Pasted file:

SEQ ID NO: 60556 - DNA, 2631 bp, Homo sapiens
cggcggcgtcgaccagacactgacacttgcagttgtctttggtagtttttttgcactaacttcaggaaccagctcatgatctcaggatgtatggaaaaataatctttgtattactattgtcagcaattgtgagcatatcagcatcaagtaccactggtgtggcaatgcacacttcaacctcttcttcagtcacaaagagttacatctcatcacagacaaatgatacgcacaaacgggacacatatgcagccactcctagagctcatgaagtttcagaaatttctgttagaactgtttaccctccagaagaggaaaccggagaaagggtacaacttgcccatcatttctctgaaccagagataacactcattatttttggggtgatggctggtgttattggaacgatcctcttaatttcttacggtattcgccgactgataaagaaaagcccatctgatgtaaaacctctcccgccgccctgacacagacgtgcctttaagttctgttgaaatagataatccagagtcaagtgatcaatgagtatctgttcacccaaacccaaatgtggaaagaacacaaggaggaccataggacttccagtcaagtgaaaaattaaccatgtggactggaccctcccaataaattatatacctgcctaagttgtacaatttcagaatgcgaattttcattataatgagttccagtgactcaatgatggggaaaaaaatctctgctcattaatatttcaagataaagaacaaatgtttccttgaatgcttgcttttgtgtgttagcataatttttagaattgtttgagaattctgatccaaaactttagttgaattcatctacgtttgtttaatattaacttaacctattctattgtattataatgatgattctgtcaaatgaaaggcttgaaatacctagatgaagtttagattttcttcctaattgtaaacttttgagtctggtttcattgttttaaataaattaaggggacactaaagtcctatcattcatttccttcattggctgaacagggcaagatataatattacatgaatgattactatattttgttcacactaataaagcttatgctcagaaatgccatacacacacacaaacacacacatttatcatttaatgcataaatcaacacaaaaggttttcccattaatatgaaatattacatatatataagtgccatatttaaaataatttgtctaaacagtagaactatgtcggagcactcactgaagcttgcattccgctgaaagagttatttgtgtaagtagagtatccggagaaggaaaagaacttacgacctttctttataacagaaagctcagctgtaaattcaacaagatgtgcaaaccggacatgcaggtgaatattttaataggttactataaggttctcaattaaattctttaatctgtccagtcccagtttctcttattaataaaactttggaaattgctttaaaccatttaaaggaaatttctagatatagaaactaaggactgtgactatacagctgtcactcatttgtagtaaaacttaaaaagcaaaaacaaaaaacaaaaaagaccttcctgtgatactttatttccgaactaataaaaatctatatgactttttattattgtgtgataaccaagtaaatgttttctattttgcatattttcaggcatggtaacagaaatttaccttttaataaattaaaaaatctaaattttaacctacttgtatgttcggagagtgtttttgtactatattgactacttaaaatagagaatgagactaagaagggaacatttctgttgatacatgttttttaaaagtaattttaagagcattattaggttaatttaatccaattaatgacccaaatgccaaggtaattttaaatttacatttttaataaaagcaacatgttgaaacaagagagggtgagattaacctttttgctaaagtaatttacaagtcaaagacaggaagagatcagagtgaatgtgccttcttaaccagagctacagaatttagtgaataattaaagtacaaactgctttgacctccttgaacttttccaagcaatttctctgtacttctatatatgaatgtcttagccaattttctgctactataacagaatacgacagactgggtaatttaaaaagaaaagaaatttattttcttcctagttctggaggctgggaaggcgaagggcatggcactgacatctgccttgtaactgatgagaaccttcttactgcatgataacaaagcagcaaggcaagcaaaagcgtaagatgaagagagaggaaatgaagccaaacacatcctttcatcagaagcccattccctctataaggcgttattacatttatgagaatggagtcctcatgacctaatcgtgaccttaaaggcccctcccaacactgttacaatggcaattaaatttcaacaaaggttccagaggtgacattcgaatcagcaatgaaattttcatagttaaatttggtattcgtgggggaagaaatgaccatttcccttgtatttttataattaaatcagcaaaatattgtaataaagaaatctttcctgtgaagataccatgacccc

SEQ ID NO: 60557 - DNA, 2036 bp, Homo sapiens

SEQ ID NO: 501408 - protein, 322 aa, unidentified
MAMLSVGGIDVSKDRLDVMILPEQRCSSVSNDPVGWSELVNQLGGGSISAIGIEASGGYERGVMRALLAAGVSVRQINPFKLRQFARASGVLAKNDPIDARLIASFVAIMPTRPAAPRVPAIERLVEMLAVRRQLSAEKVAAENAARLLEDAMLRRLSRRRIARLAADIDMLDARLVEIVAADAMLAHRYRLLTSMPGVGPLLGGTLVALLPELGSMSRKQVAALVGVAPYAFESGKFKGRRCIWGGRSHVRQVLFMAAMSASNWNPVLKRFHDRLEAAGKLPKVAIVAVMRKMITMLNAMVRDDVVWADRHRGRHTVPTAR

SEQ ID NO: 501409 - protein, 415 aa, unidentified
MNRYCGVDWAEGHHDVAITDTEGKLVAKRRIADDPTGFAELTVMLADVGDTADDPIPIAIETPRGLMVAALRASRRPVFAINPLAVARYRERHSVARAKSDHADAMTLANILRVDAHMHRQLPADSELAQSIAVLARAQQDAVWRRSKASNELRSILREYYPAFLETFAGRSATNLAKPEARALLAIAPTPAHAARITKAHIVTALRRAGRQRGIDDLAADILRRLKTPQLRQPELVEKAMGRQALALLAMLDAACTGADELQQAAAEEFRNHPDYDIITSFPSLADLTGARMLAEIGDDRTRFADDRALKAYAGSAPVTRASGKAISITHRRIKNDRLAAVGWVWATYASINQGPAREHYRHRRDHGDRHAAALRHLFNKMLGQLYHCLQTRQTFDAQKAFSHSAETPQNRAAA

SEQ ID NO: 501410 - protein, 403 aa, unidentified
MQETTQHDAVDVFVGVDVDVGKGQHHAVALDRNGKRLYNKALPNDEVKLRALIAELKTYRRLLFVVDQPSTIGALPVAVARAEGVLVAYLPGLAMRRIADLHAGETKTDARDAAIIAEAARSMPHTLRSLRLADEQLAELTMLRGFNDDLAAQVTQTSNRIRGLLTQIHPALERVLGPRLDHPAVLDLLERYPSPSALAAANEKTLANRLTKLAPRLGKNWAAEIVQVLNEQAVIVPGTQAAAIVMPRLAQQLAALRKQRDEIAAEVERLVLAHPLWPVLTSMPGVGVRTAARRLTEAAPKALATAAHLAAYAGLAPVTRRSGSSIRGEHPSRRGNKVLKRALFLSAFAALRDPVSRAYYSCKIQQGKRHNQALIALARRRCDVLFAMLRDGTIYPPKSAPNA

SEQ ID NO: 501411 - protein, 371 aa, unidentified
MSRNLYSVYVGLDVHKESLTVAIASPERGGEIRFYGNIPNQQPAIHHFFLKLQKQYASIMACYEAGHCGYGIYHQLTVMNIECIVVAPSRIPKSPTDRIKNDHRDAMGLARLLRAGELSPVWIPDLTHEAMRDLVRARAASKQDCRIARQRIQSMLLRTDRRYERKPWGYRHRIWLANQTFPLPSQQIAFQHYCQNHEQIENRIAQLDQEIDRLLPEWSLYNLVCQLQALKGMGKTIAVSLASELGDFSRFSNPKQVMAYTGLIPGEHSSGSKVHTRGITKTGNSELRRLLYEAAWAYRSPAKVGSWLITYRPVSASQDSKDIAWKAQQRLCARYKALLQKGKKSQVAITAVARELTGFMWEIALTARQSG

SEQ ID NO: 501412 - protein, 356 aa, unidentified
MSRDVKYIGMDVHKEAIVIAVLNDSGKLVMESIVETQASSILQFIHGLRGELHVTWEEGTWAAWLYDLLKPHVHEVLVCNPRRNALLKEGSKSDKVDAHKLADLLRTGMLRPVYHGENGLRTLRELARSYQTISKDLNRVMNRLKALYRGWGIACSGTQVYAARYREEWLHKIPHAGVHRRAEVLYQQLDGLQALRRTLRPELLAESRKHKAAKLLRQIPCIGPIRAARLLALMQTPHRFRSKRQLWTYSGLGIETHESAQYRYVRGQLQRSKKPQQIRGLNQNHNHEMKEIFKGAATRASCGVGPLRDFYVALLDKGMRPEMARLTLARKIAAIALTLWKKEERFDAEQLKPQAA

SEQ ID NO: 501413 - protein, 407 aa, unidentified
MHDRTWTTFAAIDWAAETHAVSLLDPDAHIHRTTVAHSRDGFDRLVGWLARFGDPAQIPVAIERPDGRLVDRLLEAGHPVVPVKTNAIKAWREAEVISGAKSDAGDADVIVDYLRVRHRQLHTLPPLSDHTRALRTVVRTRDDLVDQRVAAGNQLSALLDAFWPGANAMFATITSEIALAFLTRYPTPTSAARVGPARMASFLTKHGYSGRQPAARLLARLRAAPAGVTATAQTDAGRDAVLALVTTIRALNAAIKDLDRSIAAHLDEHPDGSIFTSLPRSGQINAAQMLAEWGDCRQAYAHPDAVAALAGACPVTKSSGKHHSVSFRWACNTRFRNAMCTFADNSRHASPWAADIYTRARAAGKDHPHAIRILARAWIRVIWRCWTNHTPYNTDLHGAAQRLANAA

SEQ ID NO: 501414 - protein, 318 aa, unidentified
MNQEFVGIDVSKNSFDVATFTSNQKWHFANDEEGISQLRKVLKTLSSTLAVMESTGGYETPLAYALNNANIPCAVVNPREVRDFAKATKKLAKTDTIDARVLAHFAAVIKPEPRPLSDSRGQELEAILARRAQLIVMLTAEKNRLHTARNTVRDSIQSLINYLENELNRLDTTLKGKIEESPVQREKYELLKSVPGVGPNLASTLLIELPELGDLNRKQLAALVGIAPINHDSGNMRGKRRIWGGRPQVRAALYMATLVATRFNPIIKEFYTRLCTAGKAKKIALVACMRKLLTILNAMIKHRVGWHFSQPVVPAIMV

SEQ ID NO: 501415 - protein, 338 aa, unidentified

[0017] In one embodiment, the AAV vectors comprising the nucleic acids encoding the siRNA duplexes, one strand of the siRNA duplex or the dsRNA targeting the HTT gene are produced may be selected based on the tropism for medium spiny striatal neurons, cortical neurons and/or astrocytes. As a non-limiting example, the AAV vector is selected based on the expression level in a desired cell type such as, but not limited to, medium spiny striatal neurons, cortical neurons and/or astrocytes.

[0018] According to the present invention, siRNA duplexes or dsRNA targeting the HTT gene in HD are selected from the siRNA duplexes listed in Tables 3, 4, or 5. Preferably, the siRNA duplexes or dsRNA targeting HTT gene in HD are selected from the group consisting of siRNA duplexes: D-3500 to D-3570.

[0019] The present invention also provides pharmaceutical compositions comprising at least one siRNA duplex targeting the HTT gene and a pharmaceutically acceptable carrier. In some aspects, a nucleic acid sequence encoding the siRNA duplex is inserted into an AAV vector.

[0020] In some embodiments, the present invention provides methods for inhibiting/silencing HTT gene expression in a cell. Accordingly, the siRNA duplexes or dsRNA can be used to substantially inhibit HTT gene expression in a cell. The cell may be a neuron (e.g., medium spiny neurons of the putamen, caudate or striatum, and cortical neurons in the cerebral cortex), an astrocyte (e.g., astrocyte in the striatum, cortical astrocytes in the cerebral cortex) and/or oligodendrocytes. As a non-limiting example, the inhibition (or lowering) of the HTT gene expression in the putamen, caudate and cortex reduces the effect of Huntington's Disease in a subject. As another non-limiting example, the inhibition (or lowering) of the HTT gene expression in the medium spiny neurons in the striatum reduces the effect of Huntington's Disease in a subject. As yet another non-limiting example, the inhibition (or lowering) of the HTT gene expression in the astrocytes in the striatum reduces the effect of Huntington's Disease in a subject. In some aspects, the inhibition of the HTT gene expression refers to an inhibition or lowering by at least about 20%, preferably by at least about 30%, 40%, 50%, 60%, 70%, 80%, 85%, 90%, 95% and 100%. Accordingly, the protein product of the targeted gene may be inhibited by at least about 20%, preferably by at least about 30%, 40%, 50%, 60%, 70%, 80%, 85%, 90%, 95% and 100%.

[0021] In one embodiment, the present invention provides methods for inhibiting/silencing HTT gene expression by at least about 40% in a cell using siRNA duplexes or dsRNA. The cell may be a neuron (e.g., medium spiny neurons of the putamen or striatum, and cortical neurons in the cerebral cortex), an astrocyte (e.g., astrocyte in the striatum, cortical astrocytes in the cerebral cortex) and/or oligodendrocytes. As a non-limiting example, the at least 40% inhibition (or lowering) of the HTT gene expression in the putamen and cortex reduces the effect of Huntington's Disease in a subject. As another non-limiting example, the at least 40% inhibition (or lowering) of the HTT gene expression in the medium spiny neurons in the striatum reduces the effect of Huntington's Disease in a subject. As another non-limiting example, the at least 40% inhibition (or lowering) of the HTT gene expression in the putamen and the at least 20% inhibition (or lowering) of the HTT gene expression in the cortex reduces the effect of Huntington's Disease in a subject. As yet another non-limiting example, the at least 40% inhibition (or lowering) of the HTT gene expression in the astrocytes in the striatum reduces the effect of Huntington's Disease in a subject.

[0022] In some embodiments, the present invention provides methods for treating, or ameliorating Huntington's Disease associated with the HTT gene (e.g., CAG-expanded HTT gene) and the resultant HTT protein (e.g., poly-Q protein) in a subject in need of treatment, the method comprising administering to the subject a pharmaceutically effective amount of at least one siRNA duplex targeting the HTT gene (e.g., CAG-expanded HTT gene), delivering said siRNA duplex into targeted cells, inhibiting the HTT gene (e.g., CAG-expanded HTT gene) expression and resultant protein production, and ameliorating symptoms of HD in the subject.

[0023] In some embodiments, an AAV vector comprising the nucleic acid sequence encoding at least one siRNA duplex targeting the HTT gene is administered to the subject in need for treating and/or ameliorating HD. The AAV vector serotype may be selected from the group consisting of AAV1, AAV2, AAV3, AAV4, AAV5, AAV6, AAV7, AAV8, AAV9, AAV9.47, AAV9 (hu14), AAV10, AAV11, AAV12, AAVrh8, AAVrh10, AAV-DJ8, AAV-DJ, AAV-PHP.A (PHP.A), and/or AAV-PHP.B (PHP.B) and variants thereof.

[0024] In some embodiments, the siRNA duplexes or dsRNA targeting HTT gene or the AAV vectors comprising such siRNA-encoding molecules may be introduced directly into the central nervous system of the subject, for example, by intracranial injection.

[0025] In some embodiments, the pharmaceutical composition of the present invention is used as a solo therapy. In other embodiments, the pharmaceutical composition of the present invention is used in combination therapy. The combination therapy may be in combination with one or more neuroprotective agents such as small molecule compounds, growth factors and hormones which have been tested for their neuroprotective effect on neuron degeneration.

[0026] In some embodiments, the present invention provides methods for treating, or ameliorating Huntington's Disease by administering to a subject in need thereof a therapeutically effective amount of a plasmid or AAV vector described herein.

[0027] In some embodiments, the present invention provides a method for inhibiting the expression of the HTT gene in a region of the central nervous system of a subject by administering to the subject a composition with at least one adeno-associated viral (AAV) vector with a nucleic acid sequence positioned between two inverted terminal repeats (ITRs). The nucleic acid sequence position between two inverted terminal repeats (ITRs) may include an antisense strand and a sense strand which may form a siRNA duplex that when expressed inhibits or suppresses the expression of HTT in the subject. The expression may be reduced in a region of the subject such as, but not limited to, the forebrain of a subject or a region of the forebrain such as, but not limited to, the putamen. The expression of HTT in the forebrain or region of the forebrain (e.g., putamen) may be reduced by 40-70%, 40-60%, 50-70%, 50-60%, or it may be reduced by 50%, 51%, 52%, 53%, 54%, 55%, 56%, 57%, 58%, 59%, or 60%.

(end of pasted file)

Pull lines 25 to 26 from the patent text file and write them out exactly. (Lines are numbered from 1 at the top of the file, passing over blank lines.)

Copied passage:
[0023] In some embodiments, an AAV vector comprising the nucleic acid sequence encoding at least one siRNA duplex targeting the HTT gene is administered to the subject in need for treating and/or ameliorating HD. The AAV vector serotype may be selected from the group consisting of AAV1, AAV2, AAV3, AAV4, AAV5, AAV6, AAV7, AAV8, AAV9, AAV9.47, AAV9 (hu14), AAV10, AAV11, AAV12, AAVrh8, AAVrh10, AAV-DJ8, AAV-DJ, AAV-PHP.A (PHP.A), and/or AAV-PHP.B (PHP.B) and variants thereof.

[0024] In some embodiments, the siRNA duplexes or dsRNA targeting HTT gene or the AAV vectors comprising such siRNA-encoding molecules may be introduced directly into the central nervous system of the subject, for example, by intracranial injection.